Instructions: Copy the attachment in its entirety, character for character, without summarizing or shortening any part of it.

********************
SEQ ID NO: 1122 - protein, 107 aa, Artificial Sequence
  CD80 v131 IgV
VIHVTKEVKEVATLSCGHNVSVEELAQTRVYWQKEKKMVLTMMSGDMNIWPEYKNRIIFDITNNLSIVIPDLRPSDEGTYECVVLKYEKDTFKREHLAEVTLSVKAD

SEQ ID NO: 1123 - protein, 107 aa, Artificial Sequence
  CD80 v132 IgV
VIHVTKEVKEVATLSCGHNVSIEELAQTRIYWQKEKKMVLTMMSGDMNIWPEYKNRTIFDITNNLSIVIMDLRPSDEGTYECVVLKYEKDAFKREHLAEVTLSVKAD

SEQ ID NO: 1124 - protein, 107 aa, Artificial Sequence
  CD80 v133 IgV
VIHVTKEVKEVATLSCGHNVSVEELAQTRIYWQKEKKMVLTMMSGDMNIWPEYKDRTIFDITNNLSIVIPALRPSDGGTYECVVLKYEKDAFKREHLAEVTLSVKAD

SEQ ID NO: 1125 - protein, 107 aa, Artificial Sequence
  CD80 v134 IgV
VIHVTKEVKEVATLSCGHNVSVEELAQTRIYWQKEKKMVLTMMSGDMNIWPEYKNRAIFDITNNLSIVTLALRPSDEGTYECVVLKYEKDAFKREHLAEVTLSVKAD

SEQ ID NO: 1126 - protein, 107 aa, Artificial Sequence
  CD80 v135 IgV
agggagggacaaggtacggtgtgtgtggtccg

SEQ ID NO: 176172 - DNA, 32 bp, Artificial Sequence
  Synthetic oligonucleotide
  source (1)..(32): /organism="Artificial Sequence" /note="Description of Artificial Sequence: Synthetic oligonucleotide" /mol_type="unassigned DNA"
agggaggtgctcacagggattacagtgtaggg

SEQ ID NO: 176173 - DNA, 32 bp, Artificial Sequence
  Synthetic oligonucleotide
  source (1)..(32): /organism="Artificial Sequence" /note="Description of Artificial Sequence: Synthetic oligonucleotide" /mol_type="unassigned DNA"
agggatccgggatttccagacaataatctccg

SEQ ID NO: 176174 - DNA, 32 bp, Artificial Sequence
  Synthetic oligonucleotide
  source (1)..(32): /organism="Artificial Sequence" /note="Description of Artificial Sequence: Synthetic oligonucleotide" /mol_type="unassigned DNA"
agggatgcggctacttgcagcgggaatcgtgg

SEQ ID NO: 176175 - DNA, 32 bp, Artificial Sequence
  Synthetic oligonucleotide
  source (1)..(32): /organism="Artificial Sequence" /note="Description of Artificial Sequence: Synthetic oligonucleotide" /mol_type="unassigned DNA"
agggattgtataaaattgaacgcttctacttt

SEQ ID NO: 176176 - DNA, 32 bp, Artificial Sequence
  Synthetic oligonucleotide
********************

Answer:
SEQ ID NO: 1122 - protein, 107 aa, Artificial Sequence
  CD80 v131 IgV
VIHVTKEVKEVATLSCGHNVSVEELAQTRVYWQKEKKMVLTMMSGDMNIWPEYKNRIIFDITNNLSIVIPDLRPSDEGTYECVVLKYEKDTFKREHLAEVTLSVKAD

SEQ ID NO: 1123 - protein, 107 aa, Artificial Sequence
  CD80 v132 IgV
VIHVTKEVKEVATLSCGHNVSIEELAQTRIYWQKEKKMVLTMMSGDMNIWPEYKNRTIFDITNNLSIVIMDLRPSDEGTYECVVLKYEKDAFKREHLAEVTLSVKAD

SEQ ID NO: 1124 - protein, 107 aa, Artificial Sequence
  CD80 v133 IgV
VIHVTKEVKEVATLSCGHNVSVEELAQTRIYWQKEKKMVLTMMSGDMNIWPEYKDRTIFDITNNLSIVIPALRPSDGGTYECVVLKYEKDAFKREHLAEVTLSVKAD

SEQ ID NO: 1125 - protein, 107 aa, Artificial Sequence
  CD80 v134 IgV
VIHVTKEVKEVATLSCGHNVSVEELAQTRIYWQKEKKMVLTMMSGDMNIWPEYKNRAIFDITNNLSIVTLALRPSDEGTYECVVLKYEKDAFKREHLAEVTLSVKAD

SEQ ID NO: 1126 - protein, 107 aa, Artificial Sequence
  CD80 v135 IgV
agggagggacaaggtacggtgtgtgtggtccg

SEQ ID NO: 176172 - DNA, 32 bp, Artificial Sequence
  Synthetic oligonucleotide
  source (1)..(32): /organism="Artificial Sequence" /note="Description of Artificial Sequence: Synthetic oligonucleotide" /mol_type="unassigned DNA"
agggaggtgctcacagggattacagtgtaggg

SEQ ID NO: 176173 - DNA, 32 bp, Artificial Sequence
  Synthetic oligonucleotide
  source (1)..(32): /organism="Artificial Sequence" /note="Description of Artificial Sequence: Synthetic oligonucleotide" /mol_type="unassigned DNA"
agggatccgggatttccagacaataatctccg

SEQ ID NO: 176174 - DNA, 32 bp, Artificial Sequence
  Synthetic oligonucleotide
  source (1)..(32): /organism="Artificial Sequence" /note="Description of Artificial Sequence: Synthetic oligonucleotide" /mol_type="unassigned DNA"
agggatgcggctacttgcagcgggaatcgtgg

SEQ ID NO: 176175 - DNA, 32 bp, Artificial Sequence
  Synthetic oligonucleotide
  source (1)..(32): /organism="Artificial Sequence" /note="Description of Artificial Sequence: Synthetic oligonucleotide" /mol_type="unassigned DNA"
agggattgtataaaattgaacgcttctacttt

SEQ ID NO: 176176 - DNA, 32 bp, Artificial Sequence
  Synthetic oligonucleotide